The beginning bowler's biggest problem!
CONSISTENCY IN BOWLING
After I have taught my students how to use the dots and arrows to properly align themselves for shooting strikes and spares, the number one excuse I hear for failure is
"I missed my mark."
Probably the most important factor to bowling consistency is armswing. Alignment, target, stance, hand position, and ball speed can and do often vary, but armswing should always be the same. The arm should swing straight back and straight forward toward the target, never looped or round-housed. Many bowlers wrap the ball behind them during their backswing. Occasionally, bowling in this manner will produce shots that hit their target, but more often than not the ball will go wide right, or wide left.
To correct this flaw try pushing the ball straight out at your target, then allowing it to fall and arc backwards naturally, while keeping your shoulders square to the target. Try it a few times standing still. Just push the ball out at the target, let it fall and swing naturally down and back - like a pendulum - then forward again. If you do this correctly the ball will come forward directly on a line to your target. If it doesn't, you are rotating your shoulders. Keep trying until it swings straight back and straight forward naturally.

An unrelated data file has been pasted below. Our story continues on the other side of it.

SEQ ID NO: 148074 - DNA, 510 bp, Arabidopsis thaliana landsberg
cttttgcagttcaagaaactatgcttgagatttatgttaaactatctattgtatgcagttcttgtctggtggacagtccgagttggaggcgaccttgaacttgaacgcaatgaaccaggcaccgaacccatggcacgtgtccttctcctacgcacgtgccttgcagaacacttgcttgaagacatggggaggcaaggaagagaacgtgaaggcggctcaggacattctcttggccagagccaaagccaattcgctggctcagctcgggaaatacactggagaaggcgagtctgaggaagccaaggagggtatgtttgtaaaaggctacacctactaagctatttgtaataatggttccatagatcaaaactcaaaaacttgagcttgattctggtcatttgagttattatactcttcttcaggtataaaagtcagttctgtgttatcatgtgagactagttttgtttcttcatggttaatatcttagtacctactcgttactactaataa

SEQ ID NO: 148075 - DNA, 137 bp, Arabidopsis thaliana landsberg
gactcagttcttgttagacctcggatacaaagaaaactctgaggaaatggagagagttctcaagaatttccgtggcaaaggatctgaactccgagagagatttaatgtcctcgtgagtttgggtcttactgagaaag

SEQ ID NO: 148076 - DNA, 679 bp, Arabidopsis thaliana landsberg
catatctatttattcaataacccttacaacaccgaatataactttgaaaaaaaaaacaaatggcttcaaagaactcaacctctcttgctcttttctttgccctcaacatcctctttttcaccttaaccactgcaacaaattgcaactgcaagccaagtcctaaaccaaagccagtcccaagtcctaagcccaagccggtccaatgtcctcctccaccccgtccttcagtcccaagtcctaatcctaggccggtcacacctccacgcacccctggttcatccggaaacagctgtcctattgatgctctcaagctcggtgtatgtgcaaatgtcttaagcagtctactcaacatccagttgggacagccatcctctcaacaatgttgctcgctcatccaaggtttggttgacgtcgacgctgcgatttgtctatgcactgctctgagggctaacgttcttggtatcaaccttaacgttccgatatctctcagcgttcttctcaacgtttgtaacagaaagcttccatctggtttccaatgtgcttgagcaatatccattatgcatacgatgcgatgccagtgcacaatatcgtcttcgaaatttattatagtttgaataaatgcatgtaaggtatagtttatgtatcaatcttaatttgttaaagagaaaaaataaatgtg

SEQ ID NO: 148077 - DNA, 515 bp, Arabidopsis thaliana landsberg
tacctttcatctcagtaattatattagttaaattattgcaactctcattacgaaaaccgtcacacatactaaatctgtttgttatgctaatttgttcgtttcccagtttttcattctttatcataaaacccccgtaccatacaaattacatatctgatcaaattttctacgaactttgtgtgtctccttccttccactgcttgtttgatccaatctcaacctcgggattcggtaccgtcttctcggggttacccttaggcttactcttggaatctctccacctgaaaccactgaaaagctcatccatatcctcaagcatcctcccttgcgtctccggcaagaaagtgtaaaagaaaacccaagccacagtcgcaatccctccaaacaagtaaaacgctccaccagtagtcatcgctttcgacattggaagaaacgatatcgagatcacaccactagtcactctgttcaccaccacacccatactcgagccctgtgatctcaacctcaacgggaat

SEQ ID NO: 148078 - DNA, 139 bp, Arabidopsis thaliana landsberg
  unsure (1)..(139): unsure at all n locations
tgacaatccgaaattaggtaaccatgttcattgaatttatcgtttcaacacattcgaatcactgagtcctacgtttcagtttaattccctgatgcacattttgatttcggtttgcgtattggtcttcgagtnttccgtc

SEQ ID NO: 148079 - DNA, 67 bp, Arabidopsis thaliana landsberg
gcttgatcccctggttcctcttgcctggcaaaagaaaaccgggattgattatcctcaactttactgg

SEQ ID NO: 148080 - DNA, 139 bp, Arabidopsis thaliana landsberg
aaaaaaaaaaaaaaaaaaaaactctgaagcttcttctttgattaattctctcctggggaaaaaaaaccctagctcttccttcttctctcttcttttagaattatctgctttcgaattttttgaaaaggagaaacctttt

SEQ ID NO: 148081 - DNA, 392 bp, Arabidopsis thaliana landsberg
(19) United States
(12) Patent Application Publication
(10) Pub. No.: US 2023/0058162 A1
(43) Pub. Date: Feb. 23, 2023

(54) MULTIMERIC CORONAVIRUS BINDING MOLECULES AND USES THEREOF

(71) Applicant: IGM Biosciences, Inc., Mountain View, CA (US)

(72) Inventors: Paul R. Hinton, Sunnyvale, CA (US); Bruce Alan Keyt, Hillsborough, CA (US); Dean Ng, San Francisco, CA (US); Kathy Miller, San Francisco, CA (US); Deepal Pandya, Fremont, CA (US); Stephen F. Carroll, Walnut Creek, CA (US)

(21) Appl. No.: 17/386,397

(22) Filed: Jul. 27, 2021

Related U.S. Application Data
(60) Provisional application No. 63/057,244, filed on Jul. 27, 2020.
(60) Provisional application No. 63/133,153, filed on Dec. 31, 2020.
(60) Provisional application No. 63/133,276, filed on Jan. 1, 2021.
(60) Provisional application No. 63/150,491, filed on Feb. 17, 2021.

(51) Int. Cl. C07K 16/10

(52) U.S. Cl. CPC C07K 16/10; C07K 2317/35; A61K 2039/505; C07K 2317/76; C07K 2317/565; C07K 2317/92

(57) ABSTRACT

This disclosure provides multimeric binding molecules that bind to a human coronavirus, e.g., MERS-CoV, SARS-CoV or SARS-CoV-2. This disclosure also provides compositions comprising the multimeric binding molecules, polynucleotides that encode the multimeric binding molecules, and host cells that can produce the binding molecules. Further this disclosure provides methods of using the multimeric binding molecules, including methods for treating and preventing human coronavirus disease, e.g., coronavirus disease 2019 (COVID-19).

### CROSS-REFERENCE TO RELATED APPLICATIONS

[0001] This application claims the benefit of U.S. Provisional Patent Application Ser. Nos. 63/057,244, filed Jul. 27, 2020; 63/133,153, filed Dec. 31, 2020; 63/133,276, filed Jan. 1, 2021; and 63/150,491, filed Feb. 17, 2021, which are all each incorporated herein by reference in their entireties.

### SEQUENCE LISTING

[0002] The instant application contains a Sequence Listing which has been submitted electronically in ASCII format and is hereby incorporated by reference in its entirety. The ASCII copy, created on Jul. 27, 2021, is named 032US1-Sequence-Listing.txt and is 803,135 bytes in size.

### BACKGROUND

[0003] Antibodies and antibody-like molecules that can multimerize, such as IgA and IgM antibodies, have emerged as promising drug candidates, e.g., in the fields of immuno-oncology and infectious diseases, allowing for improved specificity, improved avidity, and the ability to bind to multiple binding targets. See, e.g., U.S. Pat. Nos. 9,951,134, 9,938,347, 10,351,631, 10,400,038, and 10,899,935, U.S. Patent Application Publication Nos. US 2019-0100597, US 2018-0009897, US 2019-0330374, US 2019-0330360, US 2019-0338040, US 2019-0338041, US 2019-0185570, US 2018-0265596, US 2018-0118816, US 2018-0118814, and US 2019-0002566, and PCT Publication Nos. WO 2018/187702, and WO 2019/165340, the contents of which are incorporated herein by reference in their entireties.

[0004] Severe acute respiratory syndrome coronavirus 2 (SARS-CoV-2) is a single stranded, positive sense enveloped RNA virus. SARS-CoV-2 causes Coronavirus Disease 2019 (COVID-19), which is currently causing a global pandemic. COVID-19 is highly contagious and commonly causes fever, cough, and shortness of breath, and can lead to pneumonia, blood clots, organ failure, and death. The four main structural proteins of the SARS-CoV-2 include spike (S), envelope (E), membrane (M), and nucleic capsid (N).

Now, you are ready to try to roll the ball. You should concentrate first on a push away start - straight at the target - and a pendulum swing and second on keeping your shoulders square to your target. This may take a little practice to accomplish, but I can assure you that the results will be greatly rewarding.
The second greatest problem contributing to bowler inconsistency is erratic timing. I define timing as the moment of release, which is ideally just prior to the bottom of the swing arc. When the release is timed correctly the ball continues forward on your target line (see armswing above), however if the ball is released fractionally early or fractionally late the course that it takes becomes unpredictable.
Our timing of the release is linked to our speed of approach and the length of our backswing. If the armswing is slower than the feet, the ball will miss to the right of our intended target - for right handed bowlers - (the opposite for lefties). If the armswing is faster than the feet the ball will miss to the left.
To correct this problem, try raising or lowering the ball in your stance. If the ball is missing to the right, then you should lower the ball in your stance before you start your approach. This will decrease the amount of your backswing slightly and put you back in sync. However, if you are missing consistently to the left, then try raising the ball to lengthen your backswing and correct your timing.
I hope that you can use these tips to help you enjoy bowling as much as I do.
_Bowling University HOME